Despite reports that CEOs are growing less optimistic and companies are cutting spending due to the uncertainty around the approaching “fiscal cliff,”—the package of drastic spending cuts and tax increases poised to go into effect January 2, unless Congress and the Administration agree on an alternative,  other economic indicators have been largely positive. In the past few months, unemployment has fallen, the housing market has strengthened, gas prices have fallen, and consumer confidence is at a five-year high. Would those positive indicators be negated by the economic shock of falling off the cliff, and plunge the U.S. back into recession?fiscal1

Analysts at Cassidy Turley say a legislative compromise is the most likely scenario, which would allow the economy to continue along a projected path of about 2 percent annual GDP growth. But if no compromise is reached, and the fiscal cliff is breached, Thorpe said their forecast for 2013 would be “bleak” with a loss of 800,000 jobs, an unemployment rate back up to almost 9 percent, negative GDP, and the possibility of a new recession.

“Businesses are certainly tapping on the brakes on some things, being more cautious, whether it’s capital investment or hiring,” says Kevin Thorpe, chief economist at Cassidy Turley. “But the economy’s been remarkably resilient. It is a fair question: What might companies be doing if there wasn’t this uncertainty?”

Industry-Specific Impactfiscal2

The impact to certain industries could be significant. The Aerospace Industry Association forecasts as many as 2 million jobs could be lost if the fiscal cliff is not avoided, while an American Institute of Architects report says job losses in the design and construction industry could reach 66,500.

The domestic office sector slowed in the third quarter in anticipation of the national elections and the fiscal cliff, according to an October Cassidy and Turley report. David Lynn, chief executive of Lynn Capital Management and former managing director and head of research and investment strategy at Clarion Partners, says suburban office markets may be “disproportionately affected” while the 24-hour gateway cities should be more stable.

Hotels could follow a similar pattern, as Lynn sees a weakening dollar increasing international travel to key U.S. destinations, but possibly not enough to offset the already weak domestic business travel in secondary markets.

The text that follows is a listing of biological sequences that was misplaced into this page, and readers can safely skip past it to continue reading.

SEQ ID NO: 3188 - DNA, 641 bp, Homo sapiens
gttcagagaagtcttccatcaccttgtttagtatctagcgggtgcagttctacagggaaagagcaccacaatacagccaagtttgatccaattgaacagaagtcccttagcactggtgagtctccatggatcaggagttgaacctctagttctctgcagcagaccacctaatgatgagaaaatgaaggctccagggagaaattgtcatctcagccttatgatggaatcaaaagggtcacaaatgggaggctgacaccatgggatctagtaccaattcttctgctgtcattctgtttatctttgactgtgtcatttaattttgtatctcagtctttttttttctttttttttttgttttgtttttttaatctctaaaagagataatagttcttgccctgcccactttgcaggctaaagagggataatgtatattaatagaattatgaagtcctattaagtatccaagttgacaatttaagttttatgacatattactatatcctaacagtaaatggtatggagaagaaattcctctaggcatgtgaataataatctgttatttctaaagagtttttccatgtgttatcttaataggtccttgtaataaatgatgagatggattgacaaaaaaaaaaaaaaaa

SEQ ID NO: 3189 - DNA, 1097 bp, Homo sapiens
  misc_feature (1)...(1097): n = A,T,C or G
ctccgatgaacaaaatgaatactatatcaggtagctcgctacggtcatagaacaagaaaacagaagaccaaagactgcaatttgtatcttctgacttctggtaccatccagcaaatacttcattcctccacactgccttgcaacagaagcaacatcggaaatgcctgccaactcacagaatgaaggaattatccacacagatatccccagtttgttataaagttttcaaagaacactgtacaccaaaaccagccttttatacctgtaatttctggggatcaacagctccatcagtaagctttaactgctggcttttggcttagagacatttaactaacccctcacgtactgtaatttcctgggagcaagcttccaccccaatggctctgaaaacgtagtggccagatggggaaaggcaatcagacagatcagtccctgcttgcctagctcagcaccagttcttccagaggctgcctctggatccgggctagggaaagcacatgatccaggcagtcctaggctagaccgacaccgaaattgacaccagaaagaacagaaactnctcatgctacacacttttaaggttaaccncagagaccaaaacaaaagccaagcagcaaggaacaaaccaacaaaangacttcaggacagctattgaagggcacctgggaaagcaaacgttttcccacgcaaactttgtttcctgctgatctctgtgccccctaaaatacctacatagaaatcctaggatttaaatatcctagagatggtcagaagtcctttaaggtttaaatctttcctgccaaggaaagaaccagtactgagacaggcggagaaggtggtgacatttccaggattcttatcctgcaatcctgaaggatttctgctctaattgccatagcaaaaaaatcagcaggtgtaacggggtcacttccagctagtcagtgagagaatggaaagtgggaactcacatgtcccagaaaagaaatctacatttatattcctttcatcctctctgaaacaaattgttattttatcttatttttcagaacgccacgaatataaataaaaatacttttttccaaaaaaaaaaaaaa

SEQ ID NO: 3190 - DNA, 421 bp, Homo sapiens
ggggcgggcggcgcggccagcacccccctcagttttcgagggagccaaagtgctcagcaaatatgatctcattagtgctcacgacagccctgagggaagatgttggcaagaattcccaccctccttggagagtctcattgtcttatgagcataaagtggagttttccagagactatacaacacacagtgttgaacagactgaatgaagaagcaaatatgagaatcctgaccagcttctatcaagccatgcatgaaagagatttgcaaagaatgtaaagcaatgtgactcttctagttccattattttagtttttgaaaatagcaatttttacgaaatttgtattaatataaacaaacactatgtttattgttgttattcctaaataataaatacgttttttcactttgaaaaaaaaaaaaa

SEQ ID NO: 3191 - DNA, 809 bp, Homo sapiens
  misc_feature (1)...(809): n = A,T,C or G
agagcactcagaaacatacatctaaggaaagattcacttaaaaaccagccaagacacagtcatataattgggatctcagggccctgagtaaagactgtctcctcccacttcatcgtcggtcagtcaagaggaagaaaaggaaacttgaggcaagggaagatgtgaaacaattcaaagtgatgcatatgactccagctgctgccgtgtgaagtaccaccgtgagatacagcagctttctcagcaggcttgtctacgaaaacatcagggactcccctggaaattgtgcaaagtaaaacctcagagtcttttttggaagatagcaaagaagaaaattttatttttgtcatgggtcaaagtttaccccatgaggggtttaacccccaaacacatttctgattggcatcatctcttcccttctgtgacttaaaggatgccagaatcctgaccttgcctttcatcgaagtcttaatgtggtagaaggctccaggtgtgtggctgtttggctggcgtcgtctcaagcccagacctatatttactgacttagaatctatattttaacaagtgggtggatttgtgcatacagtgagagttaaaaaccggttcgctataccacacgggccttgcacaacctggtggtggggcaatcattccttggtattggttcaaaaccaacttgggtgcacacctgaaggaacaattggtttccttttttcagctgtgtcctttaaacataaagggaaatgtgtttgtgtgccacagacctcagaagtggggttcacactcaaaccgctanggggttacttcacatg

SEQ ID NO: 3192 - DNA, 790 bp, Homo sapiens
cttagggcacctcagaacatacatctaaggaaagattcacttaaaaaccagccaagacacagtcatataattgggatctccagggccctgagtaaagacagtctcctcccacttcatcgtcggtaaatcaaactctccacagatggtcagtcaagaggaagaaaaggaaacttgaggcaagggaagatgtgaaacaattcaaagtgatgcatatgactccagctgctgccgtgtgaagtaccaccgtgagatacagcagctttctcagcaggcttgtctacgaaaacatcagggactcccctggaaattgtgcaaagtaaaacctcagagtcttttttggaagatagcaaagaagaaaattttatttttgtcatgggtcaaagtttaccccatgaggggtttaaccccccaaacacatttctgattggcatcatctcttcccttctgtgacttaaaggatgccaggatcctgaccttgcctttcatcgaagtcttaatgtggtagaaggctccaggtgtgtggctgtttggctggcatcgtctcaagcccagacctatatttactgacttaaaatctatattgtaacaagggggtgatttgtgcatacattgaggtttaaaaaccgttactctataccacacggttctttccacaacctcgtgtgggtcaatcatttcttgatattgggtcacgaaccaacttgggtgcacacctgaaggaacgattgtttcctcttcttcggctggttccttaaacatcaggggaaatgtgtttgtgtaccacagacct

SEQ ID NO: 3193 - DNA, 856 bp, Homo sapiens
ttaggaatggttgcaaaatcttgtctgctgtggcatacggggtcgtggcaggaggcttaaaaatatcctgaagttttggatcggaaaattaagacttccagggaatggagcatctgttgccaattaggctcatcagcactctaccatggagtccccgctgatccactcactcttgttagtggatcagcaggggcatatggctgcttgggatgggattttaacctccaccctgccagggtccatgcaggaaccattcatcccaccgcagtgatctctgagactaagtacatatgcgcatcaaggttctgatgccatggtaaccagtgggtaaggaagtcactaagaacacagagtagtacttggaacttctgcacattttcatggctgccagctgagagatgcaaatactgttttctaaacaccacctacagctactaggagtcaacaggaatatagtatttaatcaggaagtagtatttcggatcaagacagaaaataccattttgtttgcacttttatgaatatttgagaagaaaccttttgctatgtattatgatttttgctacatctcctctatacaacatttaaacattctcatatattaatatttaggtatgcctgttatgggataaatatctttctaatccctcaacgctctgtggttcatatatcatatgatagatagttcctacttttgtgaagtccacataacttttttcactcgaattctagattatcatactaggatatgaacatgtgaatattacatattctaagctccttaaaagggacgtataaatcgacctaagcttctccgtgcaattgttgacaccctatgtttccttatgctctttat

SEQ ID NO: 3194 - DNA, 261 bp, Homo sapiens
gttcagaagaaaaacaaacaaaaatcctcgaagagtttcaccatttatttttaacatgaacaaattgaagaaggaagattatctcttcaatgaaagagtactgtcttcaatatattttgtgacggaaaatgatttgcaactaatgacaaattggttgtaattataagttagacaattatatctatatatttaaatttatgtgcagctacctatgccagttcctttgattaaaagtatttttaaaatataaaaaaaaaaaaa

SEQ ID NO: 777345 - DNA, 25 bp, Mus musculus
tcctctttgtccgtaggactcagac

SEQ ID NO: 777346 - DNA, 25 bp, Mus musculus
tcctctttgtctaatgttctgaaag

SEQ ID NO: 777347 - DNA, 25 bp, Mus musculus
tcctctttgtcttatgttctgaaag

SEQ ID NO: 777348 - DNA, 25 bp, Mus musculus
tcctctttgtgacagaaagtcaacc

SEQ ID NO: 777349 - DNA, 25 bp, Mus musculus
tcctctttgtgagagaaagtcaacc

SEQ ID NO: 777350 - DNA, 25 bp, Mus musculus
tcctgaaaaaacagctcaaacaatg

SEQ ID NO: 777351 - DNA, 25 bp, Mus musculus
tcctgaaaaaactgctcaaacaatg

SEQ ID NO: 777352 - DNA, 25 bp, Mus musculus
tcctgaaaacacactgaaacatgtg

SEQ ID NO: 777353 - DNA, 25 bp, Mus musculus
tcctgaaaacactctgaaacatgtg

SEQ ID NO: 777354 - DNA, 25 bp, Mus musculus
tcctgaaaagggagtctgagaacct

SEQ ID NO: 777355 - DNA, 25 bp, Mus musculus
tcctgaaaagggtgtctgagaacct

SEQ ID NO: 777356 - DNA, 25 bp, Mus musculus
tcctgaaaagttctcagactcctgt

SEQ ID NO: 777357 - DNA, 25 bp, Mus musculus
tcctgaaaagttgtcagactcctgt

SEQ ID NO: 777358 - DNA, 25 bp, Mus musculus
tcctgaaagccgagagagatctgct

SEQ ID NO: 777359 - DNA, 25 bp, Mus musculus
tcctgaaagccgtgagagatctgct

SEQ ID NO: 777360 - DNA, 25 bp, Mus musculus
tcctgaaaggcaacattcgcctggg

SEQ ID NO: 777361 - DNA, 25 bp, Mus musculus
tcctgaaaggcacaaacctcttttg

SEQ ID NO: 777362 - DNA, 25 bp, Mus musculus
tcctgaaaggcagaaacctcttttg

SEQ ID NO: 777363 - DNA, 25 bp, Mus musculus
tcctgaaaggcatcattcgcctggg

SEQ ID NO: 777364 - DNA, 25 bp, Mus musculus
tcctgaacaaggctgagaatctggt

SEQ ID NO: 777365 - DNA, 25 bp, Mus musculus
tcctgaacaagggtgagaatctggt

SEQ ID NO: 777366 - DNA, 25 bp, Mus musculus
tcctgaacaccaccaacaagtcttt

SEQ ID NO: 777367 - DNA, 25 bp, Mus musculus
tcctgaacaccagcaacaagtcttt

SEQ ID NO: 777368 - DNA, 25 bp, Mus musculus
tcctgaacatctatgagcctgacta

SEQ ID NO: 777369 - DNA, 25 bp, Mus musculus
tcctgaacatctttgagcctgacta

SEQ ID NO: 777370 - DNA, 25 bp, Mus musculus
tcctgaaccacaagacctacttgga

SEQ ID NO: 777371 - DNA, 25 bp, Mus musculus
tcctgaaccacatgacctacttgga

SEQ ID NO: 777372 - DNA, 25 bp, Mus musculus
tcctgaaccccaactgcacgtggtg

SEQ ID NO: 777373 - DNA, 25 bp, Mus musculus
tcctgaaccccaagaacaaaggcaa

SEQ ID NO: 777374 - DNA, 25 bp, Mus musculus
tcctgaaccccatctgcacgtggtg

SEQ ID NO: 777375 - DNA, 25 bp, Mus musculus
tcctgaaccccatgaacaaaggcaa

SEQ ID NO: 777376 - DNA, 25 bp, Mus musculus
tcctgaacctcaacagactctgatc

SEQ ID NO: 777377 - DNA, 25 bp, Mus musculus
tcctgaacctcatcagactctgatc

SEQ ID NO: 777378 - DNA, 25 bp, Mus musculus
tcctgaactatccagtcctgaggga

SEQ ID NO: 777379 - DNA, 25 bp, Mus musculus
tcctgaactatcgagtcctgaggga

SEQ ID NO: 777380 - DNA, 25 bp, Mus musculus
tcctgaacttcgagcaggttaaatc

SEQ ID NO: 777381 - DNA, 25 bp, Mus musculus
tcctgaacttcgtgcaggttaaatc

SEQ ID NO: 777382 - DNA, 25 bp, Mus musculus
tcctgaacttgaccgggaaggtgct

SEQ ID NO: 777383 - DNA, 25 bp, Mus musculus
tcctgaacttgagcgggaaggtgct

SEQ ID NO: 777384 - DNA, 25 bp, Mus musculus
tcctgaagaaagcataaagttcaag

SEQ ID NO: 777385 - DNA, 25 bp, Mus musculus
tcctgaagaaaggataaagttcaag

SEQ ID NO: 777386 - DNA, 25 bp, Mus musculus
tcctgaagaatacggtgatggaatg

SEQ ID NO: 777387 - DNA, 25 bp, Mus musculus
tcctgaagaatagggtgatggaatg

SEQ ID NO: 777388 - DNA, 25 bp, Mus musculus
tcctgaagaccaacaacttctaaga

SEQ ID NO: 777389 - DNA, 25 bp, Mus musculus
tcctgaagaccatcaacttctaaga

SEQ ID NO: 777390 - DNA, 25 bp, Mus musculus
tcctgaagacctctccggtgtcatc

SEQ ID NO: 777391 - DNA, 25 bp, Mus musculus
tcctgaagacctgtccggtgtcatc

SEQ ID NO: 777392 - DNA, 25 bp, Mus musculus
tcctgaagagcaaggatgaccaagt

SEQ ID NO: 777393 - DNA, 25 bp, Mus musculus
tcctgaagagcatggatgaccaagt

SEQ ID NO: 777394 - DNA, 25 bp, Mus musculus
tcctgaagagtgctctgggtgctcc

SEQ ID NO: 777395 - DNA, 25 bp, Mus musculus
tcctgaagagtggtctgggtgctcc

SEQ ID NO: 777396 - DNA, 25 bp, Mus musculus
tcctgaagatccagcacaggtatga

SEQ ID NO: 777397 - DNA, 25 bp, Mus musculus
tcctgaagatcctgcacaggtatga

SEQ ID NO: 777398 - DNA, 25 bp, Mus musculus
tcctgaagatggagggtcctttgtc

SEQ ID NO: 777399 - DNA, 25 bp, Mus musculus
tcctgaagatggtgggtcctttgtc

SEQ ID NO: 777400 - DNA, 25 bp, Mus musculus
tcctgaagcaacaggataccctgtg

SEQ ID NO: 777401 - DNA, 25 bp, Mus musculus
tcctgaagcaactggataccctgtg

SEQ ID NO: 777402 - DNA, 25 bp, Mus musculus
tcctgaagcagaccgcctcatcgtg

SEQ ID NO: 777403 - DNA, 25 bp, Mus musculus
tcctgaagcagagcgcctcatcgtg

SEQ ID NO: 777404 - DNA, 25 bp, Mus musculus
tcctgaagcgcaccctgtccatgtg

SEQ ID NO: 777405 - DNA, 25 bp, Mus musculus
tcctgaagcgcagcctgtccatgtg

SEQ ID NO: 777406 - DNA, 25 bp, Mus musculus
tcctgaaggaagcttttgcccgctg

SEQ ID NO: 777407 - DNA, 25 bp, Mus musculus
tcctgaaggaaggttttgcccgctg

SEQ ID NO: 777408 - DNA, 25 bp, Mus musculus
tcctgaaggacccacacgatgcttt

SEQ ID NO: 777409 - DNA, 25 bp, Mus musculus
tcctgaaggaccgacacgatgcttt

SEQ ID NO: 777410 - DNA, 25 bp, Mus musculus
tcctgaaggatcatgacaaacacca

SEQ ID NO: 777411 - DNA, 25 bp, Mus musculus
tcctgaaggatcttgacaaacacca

Cassidy Turley forecasts short-term strength in both retail and the industrial sectors, but if consumer confidence were to fade, Lynn says that is likely to hit retail “immediately” which would eventually impact industrial/manufacturing, saying “industrial follows retail.”

“Some businesses are worried,” says Thorpe. “Others see an opportunity to be aggressive.” For example, Thorpe says the Family Dollar retail chain plans to open another 500 stores in 2013, similar to this year, while Whole Foods is opening 70 stores in the next two years.

Residential, particularly multi-family, would likely be one of the least impacted areas, according to Thorpe. “For the past few years, housing has been a drag,” says Thorpe. “Demographics alone should drive some home construction.” He also says multifamily has been underbuilt, which could keep demand elevated for the next few years.

Regional Effects


According to theCassidy Turley  report, some urban areas are more vulnerable to the potential federal spending cuts. “The D.C. region has the most obvious bull’s-eye on it around the risk of sequestration,” said Thorpe.

Washington, D.C., Knoxville, Tenn., Charleston, S.C., San Antonio, Texas, and St. Louis all depend on federal spending for more than 25 percent of their local gross domestic product.  According to the report, Washington has the most exposure of any city at 40 percent.

Other large cities that depend on federal spending for 10-20 percent of their local economy include Phoenix, Indianapolis, Atlanta, Denver, and Chicago.

Until a compromise is reached, says Thorpe, spending in those cities will likely be stalled into January, and won’t recover overnight.

Much Ado About Nothing?

However, Peter Linneman, chief economist of NAI Global and an emeritus professor at Wharton School of the University of Pennsylvania, has compared the fiscal cliff to “Y2K with a footnote” referring to concern in 1999 that computers and software might fail when their internal clocks switched over to 2000. Linneman says there will be a flurry of activity around getting the compromise in place, but little serious reform. “The real loss,” says Linneman, “is not doing things at the optimal time.”

Linneman says the impact of Superstorm Sandy may be more tangible and have a greater short-term economic impact, at least on the East Coast. “The storm eliminated real resources. Even where insurance covers the damages, that money could have been better invested elsewhere.”

“Deals are getting done,” says ULI Senior Fellow Stephen Blank. “Rates are low; no one is triggering the ‘material adverse effect’ clause.”

Lynn predicts more of a continuation of the trends we’ve seen since the recession began. He says companies are opting for shorter-term leases and trying to pack more employees in to a smaller amount of square footage using telecommuting, cubicles, and hoteling. “Offices are a thing of the past for these new corporates,” says Lynn. He also sees continued strength in transit-oriented residential properties as energy costs continue to rise.